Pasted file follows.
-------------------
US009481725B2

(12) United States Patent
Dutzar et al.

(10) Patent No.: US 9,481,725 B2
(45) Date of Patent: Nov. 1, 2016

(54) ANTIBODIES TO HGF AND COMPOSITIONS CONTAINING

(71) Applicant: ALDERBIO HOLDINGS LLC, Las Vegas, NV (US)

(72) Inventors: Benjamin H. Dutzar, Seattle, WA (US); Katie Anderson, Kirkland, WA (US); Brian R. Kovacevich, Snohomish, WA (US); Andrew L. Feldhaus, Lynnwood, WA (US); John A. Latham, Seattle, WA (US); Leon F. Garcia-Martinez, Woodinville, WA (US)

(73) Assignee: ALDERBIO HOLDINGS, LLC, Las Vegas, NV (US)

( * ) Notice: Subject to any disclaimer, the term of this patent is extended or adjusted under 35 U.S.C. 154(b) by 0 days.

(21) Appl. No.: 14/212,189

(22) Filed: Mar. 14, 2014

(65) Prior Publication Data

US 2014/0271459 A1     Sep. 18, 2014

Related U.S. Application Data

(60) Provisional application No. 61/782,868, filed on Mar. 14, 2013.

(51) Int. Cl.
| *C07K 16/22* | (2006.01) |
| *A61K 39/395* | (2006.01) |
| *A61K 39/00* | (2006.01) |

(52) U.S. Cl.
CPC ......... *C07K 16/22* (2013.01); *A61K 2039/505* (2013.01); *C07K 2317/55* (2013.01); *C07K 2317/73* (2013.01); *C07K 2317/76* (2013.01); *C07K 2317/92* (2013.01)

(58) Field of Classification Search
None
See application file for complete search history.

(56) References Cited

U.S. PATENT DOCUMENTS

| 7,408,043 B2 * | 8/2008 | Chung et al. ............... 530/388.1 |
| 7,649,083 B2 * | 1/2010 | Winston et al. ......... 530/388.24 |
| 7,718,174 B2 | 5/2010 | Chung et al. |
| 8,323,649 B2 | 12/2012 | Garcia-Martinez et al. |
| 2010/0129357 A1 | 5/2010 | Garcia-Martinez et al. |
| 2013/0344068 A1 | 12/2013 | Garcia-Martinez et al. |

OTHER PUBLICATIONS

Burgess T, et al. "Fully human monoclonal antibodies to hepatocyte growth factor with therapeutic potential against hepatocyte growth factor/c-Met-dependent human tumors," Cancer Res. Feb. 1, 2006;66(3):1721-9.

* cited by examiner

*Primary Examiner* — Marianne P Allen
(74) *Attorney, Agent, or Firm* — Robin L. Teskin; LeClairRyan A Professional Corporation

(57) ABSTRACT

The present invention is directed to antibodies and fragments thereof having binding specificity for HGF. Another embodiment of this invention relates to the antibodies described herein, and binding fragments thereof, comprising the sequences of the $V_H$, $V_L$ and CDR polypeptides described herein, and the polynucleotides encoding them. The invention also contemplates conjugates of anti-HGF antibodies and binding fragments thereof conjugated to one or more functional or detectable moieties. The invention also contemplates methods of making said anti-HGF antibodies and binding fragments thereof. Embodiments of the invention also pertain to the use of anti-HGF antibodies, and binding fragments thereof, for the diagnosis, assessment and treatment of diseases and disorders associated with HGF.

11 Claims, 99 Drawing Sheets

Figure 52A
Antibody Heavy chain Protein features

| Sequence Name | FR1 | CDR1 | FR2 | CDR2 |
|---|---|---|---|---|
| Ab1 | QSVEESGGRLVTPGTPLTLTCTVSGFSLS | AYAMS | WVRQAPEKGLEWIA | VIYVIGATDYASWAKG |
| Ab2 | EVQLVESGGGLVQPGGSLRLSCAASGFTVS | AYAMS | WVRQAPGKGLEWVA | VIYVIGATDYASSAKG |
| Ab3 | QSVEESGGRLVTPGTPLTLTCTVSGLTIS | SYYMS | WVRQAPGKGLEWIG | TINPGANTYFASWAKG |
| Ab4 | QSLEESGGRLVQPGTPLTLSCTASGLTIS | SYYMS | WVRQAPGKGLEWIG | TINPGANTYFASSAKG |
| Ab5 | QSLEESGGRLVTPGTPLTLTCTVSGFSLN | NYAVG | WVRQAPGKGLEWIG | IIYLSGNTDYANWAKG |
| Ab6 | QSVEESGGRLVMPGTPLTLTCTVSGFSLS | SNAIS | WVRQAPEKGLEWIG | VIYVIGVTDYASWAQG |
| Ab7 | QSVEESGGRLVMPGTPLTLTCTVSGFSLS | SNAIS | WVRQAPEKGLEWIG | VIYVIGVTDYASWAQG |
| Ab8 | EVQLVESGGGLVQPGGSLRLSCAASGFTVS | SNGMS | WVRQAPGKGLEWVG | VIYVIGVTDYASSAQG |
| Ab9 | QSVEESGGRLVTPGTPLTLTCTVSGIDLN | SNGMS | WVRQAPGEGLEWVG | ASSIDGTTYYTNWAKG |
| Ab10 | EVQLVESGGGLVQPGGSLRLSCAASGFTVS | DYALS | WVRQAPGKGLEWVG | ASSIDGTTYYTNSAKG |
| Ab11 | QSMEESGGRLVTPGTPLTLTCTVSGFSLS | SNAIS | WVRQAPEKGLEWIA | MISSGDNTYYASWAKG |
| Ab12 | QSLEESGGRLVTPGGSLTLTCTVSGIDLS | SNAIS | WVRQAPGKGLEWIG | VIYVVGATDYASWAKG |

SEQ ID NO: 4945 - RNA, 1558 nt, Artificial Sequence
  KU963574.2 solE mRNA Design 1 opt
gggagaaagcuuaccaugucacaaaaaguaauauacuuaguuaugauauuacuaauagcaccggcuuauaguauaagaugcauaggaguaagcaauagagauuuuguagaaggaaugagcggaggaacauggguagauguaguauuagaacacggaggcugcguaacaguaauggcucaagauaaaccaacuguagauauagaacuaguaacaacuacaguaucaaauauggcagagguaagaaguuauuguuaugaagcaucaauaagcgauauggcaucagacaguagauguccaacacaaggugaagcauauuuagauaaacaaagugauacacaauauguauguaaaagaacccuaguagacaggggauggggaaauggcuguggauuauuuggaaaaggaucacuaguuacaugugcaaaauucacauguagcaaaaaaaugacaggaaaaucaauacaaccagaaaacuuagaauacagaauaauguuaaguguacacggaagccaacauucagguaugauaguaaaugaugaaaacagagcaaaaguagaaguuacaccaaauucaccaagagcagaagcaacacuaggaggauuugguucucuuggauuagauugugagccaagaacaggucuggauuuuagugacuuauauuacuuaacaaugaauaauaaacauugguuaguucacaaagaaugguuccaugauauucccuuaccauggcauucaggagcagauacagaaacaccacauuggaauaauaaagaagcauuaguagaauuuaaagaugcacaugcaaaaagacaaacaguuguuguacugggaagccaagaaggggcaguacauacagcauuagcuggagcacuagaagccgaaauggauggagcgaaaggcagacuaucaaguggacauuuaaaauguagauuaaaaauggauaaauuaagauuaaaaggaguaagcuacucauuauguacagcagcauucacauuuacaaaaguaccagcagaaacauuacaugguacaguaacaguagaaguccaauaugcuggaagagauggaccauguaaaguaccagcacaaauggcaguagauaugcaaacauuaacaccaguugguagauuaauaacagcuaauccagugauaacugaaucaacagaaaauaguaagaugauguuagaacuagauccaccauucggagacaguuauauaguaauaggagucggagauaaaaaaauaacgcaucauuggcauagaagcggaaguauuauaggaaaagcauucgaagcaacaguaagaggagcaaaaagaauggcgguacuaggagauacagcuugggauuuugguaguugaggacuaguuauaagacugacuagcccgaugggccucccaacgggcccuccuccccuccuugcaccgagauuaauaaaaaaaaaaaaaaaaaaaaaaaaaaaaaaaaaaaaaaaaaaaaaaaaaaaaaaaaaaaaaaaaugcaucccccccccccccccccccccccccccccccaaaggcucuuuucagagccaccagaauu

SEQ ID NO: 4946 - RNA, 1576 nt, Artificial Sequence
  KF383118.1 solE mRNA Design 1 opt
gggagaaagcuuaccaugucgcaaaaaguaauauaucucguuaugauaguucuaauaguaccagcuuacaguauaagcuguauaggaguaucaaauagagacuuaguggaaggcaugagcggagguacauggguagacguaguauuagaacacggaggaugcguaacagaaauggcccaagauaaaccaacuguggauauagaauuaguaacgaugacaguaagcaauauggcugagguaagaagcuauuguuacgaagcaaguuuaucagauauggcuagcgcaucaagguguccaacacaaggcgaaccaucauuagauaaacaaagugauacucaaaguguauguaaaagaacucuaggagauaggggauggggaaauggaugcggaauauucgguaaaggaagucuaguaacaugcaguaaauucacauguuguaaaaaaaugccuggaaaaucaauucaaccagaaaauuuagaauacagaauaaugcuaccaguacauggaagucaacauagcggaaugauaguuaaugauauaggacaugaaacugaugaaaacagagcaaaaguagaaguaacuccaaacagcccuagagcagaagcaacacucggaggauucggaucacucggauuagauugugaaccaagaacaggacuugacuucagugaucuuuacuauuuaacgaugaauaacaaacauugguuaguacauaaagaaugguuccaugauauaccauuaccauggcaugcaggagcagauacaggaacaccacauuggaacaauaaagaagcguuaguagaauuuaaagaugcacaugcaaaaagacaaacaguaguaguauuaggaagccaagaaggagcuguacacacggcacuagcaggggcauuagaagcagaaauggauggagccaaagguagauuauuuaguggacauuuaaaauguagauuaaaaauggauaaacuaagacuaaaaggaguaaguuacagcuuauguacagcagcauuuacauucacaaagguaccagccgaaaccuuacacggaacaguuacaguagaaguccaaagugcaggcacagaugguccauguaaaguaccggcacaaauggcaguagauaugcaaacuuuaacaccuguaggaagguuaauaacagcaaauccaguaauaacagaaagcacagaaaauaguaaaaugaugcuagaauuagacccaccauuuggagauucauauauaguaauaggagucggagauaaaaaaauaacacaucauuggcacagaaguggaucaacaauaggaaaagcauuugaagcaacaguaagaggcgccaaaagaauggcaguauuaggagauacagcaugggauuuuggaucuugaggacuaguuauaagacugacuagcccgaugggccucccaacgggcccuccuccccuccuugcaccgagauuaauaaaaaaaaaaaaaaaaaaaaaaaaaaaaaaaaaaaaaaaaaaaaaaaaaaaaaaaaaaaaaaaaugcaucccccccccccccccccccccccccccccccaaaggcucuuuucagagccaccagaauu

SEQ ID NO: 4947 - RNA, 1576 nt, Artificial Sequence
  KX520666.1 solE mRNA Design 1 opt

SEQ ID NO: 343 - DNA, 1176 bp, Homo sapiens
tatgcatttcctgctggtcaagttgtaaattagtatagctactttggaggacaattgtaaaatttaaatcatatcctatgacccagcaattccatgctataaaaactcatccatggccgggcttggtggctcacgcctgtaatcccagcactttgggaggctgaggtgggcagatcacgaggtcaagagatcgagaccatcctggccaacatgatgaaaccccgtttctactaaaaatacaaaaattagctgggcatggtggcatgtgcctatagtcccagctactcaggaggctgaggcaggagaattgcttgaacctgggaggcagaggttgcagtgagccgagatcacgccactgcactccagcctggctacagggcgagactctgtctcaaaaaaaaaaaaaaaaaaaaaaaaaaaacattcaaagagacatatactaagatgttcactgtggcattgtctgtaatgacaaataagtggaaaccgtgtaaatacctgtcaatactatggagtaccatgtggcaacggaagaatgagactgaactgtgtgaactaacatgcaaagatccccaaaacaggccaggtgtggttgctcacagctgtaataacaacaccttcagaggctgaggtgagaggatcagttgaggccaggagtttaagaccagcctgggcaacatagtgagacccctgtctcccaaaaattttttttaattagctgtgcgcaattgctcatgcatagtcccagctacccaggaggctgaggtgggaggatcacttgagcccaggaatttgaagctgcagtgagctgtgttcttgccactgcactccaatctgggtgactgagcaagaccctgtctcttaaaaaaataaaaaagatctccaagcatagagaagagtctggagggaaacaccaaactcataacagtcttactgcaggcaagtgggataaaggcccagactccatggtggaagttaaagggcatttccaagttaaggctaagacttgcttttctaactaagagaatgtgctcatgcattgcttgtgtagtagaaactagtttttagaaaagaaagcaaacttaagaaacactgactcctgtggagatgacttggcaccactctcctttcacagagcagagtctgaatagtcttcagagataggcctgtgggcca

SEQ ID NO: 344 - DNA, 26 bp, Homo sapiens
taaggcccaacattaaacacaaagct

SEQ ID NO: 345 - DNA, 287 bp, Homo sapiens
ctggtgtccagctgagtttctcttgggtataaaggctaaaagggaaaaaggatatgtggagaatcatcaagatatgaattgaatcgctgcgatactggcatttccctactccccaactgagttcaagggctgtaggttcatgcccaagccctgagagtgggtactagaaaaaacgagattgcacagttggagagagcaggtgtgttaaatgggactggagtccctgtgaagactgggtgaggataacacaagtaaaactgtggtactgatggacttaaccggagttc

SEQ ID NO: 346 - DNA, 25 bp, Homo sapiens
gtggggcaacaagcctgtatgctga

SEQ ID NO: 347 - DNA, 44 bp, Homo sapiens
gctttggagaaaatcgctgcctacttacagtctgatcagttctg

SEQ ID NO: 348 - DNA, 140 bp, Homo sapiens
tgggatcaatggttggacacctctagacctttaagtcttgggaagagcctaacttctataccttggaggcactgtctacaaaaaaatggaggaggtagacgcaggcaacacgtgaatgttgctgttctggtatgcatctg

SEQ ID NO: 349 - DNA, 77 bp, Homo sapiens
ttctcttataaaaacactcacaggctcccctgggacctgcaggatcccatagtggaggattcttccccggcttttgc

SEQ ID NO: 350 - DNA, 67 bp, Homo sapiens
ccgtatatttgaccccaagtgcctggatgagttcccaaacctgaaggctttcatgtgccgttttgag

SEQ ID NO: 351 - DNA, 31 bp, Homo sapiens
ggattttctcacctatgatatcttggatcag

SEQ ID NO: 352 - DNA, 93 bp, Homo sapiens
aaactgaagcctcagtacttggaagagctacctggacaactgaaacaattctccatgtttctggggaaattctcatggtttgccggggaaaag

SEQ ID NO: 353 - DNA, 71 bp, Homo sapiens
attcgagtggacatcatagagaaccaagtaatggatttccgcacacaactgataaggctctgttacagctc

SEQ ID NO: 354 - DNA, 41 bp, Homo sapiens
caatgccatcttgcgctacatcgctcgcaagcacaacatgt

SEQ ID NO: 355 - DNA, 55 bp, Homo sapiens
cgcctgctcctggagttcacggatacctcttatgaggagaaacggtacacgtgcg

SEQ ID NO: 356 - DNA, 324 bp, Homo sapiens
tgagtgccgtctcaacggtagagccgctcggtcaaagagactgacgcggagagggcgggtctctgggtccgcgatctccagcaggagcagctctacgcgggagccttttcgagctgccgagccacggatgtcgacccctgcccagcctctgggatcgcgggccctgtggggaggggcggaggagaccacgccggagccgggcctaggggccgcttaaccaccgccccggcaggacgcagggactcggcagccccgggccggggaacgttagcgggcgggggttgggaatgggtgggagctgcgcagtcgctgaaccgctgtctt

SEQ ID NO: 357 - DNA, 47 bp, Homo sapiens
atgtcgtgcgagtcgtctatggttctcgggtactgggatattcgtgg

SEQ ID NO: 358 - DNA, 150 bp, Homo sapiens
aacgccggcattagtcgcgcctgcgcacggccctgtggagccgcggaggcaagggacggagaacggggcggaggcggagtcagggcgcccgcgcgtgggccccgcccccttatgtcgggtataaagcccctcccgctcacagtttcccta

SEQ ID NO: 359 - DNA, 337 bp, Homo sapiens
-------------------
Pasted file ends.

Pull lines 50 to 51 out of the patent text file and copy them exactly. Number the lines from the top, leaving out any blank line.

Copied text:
| Ab5 | QSLEESGGRLVTPGTPLTLTCTVSGFSLN | NYAVG | WVRQAPGKGLEWIG | IIYLSGNTDYANWAKG |
| Ab6 | QSVEESGGRLVMPGTPLTLTCTVSGFSLS | SNAIS | WVRQAPEKGLEWIG | VIYVIGVTDYASWAQG |